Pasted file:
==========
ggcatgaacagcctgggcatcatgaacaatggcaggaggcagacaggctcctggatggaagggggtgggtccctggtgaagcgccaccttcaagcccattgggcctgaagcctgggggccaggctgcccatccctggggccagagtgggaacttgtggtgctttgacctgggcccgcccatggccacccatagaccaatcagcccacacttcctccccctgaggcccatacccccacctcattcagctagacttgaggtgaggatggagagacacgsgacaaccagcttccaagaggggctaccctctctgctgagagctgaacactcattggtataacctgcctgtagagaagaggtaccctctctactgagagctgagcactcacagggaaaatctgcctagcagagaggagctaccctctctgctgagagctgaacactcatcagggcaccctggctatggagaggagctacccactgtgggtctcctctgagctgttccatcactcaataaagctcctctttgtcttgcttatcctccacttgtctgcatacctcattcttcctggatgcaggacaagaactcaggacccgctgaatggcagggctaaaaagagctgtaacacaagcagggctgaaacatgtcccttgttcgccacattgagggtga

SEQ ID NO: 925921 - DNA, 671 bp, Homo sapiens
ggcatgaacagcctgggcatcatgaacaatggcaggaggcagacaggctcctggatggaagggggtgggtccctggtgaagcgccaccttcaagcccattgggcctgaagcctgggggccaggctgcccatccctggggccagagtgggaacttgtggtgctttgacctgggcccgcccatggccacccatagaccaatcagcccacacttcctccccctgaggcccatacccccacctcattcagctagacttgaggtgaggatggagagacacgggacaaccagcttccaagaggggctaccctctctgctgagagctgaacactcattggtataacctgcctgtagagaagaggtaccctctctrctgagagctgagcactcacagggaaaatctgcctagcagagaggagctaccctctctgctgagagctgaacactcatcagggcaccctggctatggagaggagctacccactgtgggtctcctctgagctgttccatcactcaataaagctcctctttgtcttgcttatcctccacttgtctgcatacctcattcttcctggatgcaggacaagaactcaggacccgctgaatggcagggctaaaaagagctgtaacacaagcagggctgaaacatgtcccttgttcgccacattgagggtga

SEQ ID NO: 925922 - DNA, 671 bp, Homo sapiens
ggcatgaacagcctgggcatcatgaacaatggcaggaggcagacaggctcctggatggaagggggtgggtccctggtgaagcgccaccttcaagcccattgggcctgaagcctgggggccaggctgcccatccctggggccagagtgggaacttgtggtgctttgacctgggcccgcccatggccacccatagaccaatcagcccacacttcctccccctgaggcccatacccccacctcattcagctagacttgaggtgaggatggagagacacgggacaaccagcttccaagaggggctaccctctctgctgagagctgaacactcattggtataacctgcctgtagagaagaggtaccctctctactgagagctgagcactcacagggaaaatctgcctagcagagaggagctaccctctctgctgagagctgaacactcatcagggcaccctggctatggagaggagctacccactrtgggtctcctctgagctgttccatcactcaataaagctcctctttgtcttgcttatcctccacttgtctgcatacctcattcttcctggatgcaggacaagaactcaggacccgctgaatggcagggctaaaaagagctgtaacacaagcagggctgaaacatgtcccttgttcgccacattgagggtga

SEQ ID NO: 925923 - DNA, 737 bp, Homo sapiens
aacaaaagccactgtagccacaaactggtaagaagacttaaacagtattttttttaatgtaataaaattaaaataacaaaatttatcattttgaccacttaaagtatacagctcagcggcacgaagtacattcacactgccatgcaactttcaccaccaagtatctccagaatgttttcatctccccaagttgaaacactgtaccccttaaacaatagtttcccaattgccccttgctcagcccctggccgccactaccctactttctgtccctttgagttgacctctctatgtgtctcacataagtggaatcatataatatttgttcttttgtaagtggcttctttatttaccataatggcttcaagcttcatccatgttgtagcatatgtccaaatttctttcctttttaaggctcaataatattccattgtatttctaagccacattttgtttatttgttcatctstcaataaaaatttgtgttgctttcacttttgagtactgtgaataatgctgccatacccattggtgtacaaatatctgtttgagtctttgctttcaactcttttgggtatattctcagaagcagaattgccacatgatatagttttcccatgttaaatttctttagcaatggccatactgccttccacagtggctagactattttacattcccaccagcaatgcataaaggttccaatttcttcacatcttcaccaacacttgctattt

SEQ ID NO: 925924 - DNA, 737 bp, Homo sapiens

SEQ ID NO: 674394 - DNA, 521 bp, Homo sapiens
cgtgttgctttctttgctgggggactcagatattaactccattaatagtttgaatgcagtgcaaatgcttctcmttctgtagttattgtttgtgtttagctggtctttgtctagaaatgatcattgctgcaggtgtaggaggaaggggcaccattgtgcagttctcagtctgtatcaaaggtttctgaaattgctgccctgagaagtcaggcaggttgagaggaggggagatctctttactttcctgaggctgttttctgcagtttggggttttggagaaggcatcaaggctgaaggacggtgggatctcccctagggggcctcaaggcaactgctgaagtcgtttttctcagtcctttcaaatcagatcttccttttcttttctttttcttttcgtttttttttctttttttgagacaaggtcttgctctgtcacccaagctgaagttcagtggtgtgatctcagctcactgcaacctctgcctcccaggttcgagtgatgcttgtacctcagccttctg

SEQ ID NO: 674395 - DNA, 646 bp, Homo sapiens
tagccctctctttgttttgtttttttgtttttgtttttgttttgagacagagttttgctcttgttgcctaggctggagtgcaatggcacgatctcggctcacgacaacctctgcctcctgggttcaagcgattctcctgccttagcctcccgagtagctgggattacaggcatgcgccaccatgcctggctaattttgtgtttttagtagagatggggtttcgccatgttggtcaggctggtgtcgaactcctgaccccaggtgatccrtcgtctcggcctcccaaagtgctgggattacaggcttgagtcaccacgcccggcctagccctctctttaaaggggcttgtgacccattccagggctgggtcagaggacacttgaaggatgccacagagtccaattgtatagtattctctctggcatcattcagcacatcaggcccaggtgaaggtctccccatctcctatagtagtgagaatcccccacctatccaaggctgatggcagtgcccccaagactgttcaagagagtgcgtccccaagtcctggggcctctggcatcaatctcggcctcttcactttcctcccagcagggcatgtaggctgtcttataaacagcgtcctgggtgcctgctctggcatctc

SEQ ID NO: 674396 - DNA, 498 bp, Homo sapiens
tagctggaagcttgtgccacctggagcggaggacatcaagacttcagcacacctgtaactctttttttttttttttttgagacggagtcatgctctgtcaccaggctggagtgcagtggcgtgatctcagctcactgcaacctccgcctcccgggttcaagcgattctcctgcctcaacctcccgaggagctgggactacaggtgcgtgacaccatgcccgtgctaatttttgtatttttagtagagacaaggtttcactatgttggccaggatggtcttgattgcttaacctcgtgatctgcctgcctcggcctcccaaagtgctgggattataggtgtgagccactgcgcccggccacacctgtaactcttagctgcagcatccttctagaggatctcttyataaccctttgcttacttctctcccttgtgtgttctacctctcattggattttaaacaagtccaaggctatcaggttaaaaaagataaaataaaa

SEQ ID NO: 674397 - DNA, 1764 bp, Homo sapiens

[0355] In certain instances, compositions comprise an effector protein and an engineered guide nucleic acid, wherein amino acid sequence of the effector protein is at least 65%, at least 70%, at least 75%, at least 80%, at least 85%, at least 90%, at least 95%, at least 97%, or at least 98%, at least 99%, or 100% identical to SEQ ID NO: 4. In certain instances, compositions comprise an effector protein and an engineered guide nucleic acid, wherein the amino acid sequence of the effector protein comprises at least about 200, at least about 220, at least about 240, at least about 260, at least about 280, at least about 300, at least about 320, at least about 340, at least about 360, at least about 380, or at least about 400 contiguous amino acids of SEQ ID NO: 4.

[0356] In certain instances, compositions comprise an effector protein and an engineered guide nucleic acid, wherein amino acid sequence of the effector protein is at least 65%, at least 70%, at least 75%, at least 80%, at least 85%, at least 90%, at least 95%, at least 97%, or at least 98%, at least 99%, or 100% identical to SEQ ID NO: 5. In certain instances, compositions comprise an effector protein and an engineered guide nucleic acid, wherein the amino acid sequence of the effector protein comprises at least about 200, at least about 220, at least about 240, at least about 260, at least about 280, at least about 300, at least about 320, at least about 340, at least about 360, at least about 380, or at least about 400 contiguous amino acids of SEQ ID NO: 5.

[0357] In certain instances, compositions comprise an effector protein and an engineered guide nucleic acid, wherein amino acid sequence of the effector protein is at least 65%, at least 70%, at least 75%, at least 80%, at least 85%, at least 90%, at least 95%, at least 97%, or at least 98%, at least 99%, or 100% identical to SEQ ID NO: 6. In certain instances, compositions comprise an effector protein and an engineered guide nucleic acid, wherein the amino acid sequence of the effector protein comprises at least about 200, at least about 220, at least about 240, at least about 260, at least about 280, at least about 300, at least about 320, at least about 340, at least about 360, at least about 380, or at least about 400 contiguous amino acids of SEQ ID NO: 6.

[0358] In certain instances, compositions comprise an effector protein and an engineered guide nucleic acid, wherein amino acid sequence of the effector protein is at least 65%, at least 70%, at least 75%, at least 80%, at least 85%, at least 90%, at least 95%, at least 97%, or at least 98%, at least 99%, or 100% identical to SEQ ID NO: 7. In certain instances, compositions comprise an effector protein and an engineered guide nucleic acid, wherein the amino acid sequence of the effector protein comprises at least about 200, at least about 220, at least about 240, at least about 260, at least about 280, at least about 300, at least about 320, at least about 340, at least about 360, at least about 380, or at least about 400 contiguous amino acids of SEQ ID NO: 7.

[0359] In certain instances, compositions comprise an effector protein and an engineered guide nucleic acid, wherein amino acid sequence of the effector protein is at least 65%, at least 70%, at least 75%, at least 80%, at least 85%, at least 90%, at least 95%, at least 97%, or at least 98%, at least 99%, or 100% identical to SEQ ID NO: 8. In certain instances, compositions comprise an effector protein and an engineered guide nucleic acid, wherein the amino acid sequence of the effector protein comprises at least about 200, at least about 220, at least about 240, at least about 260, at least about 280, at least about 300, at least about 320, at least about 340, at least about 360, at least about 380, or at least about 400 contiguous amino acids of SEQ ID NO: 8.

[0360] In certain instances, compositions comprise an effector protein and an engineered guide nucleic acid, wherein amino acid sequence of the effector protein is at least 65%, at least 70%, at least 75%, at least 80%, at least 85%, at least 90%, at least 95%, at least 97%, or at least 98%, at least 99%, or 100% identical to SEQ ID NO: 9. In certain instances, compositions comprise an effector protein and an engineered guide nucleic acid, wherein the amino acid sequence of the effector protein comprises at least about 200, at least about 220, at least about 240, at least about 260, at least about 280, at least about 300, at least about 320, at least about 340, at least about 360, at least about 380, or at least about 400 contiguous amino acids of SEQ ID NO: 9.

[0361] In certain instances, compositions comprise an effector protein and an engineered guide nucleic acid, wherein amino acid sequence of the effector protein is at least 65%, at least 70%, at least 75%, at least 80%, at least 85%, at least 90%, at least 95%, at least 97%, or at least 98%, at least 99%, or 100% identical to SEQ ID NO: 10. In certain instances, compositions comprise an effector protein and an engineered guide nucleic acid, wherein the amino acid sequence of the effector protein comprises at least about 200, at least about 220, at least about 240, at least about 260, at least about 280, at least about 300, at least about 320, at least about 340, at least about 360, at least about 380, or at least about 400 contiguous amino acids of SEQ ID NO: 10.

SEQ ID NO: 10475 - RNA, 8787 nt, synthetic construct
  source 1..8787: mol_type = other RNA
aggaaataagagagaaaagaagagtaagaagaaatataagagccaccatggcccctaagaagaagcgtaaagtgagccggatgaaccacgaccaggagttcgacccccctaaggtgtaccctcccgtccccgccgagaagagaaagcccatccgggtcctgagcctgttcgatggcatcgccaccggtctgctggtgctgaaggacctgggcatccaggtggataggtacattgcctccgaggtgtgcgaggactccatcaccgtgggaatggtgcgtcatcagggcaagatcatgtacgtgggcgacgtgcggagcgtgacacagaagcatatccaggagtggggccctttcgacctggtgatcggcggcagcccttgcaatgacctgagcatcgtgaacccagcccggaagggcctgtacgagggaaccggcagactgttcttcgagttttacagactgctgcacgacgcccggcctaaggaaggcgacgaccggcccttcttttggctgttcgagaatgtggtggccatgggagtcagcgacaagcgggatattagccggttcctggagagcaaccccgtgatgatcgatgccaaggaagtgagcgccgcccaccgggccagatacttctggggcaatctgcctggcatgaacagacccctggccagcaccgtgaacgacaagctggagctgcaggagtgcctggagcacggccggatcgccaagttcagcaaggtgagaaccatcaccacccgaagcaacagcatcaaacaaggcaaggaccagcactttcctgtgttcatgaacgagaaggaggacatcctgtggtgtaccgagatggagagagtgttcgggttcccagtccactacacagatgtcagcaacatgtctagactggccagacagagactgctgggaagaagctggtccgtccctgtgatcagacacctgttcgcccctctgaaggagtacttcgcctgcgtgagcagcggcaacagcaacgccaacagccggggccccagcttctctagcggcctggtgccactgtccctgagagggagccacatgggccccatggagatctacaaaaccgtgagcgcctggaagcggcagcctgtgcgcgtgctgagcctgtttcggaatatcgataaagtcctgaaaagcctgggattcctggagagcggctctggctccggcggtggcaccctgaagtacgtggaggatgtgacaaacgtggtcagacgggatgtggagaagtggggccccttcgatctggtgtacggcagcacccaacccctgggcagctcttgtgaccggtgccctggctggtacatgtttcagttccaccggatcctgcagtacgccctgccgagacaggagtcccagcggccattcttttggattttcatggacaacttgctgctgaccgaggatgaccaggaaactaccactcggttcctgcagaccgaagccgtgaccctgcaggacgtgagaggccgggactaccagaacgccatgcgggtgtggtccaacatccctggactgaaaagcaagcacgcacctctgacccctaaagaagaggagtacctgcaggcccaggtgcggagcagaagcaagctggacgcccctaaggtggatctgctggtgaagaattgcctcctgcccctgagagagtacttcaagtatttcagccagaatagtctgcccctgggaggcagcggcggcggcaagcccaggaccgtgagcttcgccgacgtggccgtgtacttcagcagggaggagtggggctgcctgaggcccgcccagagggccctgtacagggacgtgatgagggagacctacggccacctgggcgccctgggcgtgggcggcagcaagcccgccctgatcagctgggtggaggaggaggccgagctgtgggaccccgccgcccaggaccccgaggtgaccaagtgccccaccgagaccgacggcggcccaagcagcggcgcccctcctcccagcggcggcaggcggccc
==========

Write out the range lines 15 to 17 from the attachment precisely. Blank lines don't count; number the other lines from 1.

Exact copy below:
SEQ ID NO: 674397 - DNA, 1764 bp, Homo sapiens

[0355] In certain instances, compositions comprise an effector protein and an engineered guide nucleic acid, wherein amino acid sequence of the effector protein is at least 65%, at least 70%, at least 75%, at least 80%, at least 85%, at least 90%, at least 95%, at least 97%, or at least 98%, at least 99%, or 100% identical to SEQ ID NO: 4. In certain instances, compositions comprise an effector protein and an engineered guide nucleic acid, wherein the amino acid sequence of the effector protein comprises at least about 200, at least about 220, at least about 240, at least about 260, at least about 280, at least about 300, at least about 320, at least about 340, at least about 360, at least about 380, or at least about 400 contiguous amino acids of SEQ ID NO: 4.

[0356] In certain instances, compositions comprise an effector protein and an engineered guide nucleic acid, wherein amino acid sequence of the effector protein is at least 65%, at least 70%, at least 75%, at least 80%, at least 85%, at least 90%, at least 95%, at least 97%, or at least 98%, at least 99%, or 100% identical to SEQ ID NO: 5. In certain instances, compositions comprise an effector protein and an engineered guide nucleic acid, wherein the amino acid sequence of the effector protein comprises at least about 200, at least about 220, at least about 240, at least about 260, at least about 280, at least about 300, at least about 320, at least about 340, at least about 360, at least about 380, or at least about 400 contiguous amino acids of SEQ ID NO: 5.